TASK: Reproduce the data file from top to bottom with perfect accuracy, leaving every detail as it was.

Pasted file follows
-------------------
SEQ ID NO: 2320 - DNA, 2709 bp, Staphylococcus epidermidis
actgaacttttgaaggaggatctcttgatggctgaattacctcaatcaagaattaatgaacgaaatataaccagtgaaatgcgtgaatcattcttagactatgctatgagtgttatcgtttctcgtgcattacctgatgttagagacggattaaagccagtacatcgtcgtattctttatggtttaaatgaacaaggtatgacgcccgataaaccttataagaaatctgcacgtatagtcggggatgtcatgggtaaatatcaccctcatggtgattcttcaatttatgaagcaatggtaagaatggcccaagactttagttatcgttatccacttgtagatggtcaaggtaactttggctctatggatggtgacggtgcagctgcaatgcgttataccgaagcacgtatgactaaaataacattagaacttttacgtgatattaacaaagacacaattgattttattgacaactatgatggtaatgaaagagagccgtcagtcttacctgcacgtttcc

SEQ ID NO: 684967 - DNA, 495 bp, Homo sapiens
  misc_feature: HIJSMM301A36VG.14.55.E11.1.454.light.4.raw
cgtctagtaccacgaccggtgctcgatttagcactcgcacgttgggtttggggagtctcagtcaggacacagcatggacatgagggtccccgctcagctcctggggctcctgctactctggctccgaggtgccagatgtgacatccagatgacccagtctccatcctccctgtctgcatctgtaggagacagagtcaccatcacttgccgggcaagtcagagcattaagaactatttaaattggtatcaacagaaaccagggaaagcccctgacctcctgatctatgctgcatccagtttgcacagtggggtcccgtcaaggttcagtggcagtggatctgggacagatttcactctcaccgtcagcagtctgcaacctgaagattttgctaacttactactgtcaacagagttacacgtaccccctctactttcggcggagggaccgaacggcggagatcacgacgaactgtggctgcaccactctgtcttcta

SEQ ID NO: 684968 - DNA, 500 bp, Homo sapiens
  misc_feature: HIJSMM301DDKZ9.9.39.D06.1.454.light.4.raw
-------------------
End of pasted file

SEQ ID NO: 2320 - DNA, 2709 bp, Staphylococcus epidermidis
actgaacttttgaaggaggatctcttgatggctgaattacctcaatcaagaattaatgaacgaaatataaccagtgaaatgcgtgaatcattcttagactatgctatgagtgttatcgtttctcgtgcattacctgatgttagagacggattaaagccagtacatcgtcgtattctttatggtttaaatgaacaaggtatgacgcccgataaaccttataagaaatctgcacgtatagtcggggatgtcatgggtaaatatcaccctcatggtgattcttcaatttatgaagcaatggtaagaatggcccaagactttagttatcgttatccacttgtagatggtcaaggtaactttggctctatggatggtgacggtgcagctgcaatgcgttataccgaagcacgtatgactaaaataacattagaacttttacgtgatattaacaaagacacaattgattttattgacaactatgatggtaatgaaagagagccgtcagtcttacctgcacgtttcc

SEQ ID NO: 684967 - DNA, 495 bp, Homo sapiens
  misc_feature: HIJSMM301A36VG.14.55.E11.1.454.light.4.raw
cgtctagtaccacgaccggtgctcgatttagcactcgcacgttgggtttggggagtctcagtcaggacacagcatggacatgagggtccccgctcagctcctggggctcctgctactctggctccgaggtgccagatgtgacatccagatgacccagtctccatcctccctgtctgcatctgtaggagacagagtcaccatcacttgccgggcaagtcagagcattaagaactatttaaattggtatcaacagaaaccagggaaagcccctgacctcctgatctatgctgcatccagtttgcacagtggggtcccgtcaaggttcagtggcagtggatctgggacagatttcactctcaccgtcagcagtctgcaacctgaagattttgctaacttactactgtcaacagagttacacgtaccccctctactttcggcggagggaccgaacggcggagatcacgacgaactgtggctgcaccactctgtcttcta

SEQ ID NO: 684968 - DNA, 500 bp, Homo sapiens
  misc_feature: HIJSMM301DDKZ9.9.39.D06.1.454.light.4.raw